11

Table of Contents
including related reserves, valuation of redeemable noncontrolling interest, among others. These estimates generally involve complex issues and require judgments, involve the analysis of historical results and prediction of future trends, can require extended periods of time to resolve and are subject to change from period to period. Actual results may differ materially from management’s estimates. The extent to which the COVID-19 pandemic will ultimately impact the Company’s business, results of operations, financial conditions, or cash flows is highly uncertain and difficult to predict because it will depend on many factors that are outside the Company’s control, such as the duration, scope and severity of the pandemic, steps required or mandated by governments to mitigate the impact of the pandemic, and whether COVID-19 can be effectively prevented, detected, contained and treated, particularly in the markets where the Company operates.
Unaudited Interim Condensed Financial Statements
The accompanying condensed consolidated balance sheet as of September 30, 2020, the condensed consolidated statements of operations and comprehensive loss for the three and nine months ended September 30, 2020 and 2019, the condensed consolidated statements of redeemable noncontrolling interest and stockholders’ equity for the three and nine months ended September 30, 2020 and 2019, and cash flows for the nine months ended September 30, 2020 and 2019, and the related interim condensed consolidated disclosures are unaudited. The accompanying unaudited condensed consolidated financial statements have been prepared in accordance with GAAP for interim financial information and in accordance with the instructions to Form 10-Q and Rule 10-01 of Regulation S-X of the Securities Act of 1933, as amended (the “Securities Act”). Accordingly, they do not include all of the information and notes required by GAAP for complete financial statements. These unaudited condensed consolidated financial statements include all adjustments, consisting only of normal recurring accruals that the Company believes are necessary to fairly state the financial position and the results of the Company’s operations and cash flows for interim periods in accordance with GAAP. Interim-period results are not necessarily indicative of results of operations or cash flows for a full year or any subsequent interim period.
The accompanying condensed consolidated financial statements should be read in conjunction with the Company’s audited financial statements and notes thereto included in the Company’s Annual Report on Form 10-K for the year ended December 31, 2019.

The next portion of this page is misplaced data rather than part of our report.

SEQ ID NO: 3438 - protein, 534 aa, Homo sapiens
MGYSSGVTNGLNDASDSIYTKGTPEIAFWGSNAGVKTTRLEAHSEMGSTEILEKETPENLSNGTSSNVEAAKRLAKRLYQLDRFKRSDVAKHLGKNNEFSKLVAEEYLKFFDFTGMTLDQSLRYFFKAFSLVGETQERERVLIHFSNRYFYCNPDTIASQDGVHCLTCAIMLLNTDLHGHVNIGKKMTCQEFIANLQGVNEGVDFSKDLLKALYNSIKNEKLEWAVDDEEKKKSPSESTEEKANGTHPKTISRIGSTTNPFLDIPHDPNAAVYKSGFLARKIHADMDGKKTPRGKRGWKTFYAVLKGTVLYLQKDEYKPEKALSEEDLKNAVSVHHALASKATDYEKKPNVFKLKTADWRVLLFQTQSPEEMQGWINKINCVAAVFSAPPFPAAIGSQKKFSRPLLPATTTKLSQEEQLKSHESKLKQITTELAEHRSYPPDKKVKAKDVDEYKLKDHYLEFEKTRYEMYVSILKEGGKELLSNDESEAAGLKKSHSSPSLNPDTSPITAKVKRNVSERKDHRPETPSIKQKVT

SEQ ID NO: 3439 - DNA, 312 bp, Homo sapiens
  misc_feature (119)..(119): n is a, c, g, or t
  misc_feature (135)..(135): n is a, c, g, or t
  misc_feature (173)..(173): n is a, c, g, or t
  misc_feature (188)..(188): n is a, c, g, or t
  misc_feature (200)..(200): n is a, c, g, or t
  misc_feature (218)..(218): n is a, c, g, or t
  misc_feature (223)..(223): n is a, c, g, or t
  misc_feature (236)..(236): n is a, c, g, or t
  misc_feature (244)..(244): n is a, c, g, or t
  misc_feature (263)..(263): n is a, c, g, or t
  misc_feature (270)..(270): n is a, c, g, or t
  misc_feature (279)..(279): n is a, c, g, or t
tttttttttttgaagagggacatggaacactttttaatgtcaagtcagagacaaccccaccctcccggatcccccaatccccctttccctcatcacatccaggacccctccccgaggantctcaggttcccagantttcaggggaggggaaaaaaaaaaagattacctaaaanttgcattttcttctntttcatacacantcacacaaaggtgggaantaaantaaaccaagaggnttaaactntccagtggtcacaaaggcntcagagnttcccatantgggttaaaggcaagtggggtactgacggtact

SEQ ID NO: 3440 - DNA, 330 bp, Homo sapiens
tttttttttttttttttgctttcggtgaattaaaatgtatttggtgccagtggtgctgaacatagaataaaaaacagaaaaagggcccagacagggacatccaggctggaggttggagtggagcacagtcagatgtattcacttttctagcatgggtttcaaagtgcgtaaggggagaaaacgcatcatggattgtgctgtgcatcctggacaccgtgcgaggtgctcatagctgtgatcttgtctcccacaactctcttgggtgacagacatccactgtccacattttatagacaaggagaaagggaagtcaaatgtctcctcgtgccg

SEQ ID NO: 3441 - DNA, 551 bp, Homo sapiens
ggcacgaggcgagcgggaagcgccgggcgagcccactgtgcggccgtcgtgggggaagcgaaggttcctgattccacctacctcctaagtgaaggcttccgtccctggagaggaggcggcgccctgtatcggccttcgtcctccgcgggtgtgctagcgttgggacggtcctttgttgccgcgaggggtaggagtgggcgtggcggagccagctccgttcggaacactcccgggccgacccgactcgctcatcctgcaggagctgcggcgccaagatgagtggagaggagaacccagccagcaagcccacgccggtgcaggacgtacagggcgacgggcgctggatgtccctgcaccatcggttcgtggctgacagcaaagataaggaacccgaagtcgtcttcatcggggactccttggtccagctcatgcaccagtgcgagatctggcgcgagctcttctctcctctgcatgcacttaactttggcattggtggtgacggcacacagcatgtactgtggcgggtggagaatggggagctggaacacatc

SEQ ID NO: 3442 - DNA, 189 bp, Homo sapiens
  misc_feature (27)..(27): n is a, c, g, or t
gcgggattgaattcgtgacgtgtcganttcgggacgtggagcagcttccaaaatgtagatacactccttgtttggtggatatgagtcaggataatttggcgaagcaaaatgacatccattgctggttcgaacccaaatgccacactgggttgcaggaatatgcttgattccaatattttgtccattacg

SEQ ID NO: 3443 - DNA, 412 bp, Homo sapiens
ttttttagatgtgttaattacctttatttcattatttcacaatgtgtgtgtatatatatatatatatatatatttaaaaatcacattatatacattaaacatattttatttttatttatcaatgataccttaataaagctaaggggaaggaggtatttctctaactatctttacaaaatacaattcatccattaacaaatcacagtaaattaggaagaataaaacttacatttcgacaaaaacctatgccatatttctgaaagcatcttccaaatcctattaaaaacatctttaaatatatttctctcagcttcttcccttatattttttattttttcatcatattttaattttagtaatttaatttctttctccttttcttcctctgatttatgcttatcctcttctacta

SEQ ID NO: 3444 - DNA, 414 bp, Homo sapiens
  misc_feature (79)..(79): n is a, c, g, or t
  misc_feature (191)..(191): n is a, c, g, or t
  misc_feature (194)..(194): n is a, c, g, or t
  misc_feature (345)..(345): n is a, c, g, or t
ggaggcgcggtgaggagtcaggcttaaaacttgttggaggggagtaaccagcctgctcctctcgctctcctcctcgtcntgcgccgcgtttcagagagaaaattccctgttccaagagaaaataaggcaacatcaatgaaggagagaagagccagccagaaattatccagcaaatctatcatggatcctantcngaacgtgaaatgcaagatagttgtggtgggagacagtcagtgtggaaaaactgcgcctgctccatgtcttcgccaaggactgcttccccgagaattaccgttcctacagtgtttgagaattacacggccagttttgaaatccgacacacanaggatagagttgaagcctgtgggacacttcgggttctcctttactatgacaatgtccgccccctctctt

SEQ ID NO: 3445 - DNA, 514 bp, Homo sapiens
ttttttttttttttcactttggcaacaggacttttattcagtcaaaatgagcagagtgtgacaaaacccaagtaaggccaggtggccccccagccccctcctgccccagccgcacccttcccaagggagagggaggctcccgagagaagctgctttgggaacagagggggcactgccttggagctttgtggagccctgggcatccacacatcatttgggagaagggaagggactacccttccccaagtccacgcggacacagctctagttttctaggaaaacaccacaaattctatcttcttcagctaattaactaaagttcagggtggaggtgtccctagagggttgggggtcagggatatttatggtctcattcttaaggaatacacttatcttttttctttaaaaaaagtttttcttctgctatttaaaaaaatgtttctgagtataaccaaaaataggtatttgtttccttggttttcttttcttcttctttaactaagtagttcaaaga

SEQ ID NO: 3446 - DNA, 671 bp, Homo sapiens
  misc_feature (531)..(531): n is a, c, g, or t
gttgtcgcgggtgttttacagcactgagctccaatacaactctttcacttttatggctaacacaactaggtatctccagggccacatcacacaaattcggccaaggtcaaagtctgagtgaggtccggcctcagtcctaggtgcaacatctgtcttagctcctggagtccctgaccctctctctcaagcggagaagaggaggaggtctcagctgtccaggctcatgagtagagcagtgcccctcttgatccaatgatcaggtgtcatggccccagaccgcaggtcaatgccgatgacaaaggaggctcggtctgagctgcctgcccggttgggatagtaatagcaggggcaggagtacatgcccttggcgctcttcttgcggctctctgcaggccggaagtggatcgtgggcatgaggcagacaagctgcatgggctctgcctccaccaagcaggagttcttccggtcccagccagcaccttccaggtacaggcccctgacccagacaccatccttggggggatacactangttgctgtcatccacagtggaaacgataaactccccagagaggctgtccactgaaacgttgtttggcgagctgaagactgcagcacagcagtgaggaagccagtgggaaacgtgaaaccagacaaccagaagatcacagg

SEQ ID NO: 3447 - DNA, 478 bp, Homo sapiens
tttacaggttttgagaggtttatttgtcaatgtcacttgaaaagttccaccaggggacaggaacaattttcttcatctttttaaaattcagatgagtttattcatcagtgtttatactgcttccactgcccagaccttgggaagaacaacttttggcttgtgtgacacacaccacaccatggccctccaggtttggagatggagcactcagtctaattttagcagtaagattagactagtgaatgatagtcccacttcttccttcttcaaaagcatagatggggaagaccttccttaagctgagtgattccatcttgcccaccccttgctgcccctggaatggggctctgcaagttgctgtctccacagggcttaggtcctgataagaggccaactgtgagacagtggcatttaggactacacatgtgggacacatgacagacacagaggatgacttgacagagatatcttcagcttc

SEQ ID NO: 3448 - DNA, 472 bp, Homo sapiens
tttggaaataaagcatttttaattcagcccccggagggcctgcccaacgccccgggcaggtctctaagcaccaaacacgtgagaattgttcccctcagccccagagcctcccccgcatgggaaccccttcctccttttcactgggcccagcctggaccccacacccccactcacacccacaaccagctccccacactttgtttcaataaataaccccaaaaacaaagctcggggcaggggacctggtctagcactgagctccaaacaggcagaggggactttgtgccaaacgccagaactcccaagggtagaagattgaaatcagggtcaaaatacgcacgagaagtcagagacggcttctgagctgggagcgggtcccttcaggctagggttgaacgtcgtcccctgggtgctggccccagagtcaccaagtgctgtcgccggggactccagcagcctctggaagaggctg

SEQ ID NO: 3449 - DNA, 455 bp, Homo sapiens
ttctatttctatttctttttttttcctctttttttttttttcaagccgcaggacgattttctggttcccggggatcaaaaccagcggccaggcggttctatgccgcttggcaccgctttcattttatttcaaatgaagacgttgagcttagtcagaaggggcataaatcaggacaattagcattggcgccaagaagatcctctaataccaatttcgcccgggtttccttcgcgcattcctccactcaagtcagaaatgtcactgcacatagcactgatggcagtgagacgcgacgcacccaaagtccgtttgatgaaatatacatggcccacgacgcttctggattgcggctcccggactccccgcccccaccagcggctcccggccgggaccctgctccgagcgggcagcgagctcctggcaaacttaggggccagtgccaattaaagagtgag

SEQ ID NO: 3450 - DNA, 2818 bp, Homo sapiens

Foreign Currency Translation
The functional currency of the subsidiaries of the consolidated Joint Venture is the local currency. The assets and liabilities of the subsidiaries are translated into U.S. dollars at exchange rates in effect at each balance sheet date, with the resulting translation adjustments recorded to a separate component of accumulated other comprehensive loss within stockholders’ equity. Income and expense accounts are translated at average exchange rates during the period. Foreign currency transaction gains and losses resulting from transactions denominated in a currency other than the functional currency are recognized in the condensed consolidated statements of operations. For the three and nine months ended September 30, 2020 and 2019, foreign currency translation adjustment was immaterial.
Concentration of Risk
The Company is subject to credit risk from its portfolio of cash equivalents held at one commercial bank and investments in marketable securities. The Company limits its exposure to credit losses by investing in money market funds through a U.S. bank with high credit ratings. The Company’s cash may consist of deposits held with banks that may at times exceed federally insured limits, however, its exposure to credit risk in the event of default by the financial institution is limited to the extent of amounts recorded on the condensed consolidated balance sheets. The Company performs evaluations of the relative credit standing of these financial institutions to limit the amount of credit exposure.